The seal was found in the City of David, the original city of Jerusalem, as established by King David. It lies just South of the Old Walled City of Jerusalem, having been mistakenly left outside the walls when they were rebuilt in the 16th century by Suleiman, the Turkish Sultan. The city of David is part of the original mountain, and it slopes downward to the pool of Siloam.

Another important archaeological find there was by archaeologist Eilat Mazar. She reasoned that if it were indeed the original city of David, that if she excavated near the top of the city, just below the Temple Mt, she would find the remains of David’s palace. So, she dug there, and found a very large stone house, much larger than a ordinary person would have. The ancient shards of pottery found there confirmed that the large stone house was from 1,000 BC. She concluded that this indeed was the palace of King David. Of course there are Bible skeptics who say that King David is a mythic figure, like King Arthur of England. And since Mazar did not find a nameplate saying, “King David’s Palace,” it can’t be his house. But in light of Bible history identifying David as king from 1010-970 BC and the location of this large stone house, it seems that Eilat Mazar’s conclusion, that this is indeed David’s palace, is correct.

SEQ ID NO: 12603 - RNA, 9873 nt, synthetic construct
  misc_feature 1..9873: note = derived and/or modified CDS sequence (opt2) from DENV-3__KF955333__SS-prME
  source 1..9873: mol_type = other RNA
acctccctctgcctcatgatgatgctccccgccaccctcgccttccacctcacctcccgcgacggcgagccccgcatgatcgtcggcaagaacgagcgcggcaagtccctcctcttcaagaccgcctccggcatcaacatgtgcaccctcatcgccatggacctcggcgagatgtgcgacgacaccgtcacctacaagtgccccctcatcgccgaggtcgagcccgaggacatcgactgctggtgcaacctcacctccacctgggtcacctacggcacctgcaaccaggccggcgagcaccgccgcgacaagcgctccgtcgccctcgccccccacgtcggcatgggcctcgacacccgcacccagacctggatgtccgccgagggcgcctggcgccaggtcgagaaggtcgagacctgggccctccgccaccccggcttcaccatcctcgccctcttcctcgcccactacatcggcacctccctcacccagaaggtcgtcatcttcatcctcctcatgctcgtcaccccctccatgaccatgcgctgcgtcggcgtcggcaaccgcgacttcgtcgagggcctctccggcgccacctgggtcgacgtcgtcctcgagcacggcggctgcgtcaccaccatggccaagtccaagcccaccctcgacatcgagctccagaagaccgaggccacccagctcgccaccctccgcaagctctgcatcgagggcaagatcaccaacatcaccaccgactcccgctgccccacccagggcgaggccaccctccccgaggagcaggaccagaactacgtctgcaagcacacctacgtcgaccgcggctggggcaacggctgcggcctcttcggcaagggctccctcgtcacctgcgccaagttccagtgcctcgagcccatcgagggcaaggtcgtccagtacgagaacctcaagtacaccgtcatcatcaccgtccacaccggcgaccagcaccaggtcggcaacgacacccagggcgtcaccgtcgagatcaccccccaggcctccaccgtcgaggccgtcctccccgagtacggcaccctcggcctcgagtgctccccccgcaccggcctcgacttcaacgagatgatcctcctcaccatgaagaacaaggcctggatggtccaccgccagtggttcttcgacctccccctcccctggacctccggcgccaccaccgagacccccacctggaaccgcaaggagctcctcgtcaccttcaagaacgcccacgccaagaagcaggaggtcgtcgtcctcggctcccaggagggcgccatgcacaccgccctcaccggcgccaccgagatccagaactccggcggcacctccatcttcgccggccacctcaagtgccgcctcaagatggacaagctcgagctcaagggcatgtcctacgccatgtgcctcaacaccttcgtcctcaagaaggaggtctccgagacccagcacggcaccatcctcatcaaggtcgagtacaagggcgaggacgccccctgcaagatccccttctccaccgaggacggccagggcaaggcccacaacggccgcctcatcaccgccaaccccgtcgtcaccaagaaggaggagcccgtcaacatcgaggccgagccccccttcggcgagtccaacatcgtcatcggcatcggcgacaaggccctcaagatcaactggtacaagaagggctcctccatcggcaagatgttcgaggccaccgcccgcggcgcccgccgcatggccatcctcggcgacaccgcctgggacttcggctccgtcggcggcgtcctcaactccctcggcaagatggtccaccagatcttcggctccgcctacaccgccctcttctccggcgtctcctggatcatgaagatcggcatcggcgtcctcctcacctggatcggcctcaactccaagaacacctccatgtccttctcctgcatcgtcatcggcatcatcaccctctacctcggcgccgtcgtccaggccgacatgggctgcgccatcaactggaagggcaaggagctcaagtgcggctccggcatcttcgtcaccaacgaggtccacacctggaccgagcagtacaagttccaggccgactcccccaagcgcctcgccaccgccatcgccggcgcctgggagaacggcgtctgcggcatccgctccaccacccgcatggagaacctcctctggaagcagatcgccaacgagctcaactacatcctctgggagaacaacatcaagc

In the past, other finds in this area confirm that this was a royal governmental area in the kingdom of Judah, before the captivity that began in 586 BC. For example a seal was found with the name Gadaliah, son of Pashhur and another with the name Jucal, son of Shelamiah. They are both mentioned in Jeremiah 38:1, as servants of Zedekiah, the last king of Judah, in the 6th century BC. They were both involved in a plot against Jeremiah.

This most recent seal, with the words, “Belonging to Nathan-Melech, Servant of the King,” seems to relate to 2 Kings 23:11, where Nathan-Melech is identified as a royal official of King Josiah who reigned from 640 to 610 BC.

So what does this have to do with us? It’s just another archaeological confirmation of the truth of Scripture. In John 17:17, the Lord Jesus prayed for His disciples and asked the Father to “sanctify them in the truth. Your Word is truth!” Too often people want to minimize the truth of Scripture by saying it’s only true when it speaks of spiritual matters but not when it addresses history or science. But when the Lord Jesus said that God’s Word is truth, He was affirming that it’s all accurate, that everything the Bible affirms as true, is true, down to the historical details. That’s why we can trust the Bible for spiritual truth—because all of it is true. We don’t have archaeological confirmation for everything in Scripture, but consistently archaeological finds support the words of Jesus and show that the Bible is really God’s Word. It it is true, and we can depend on it for everything in our lives.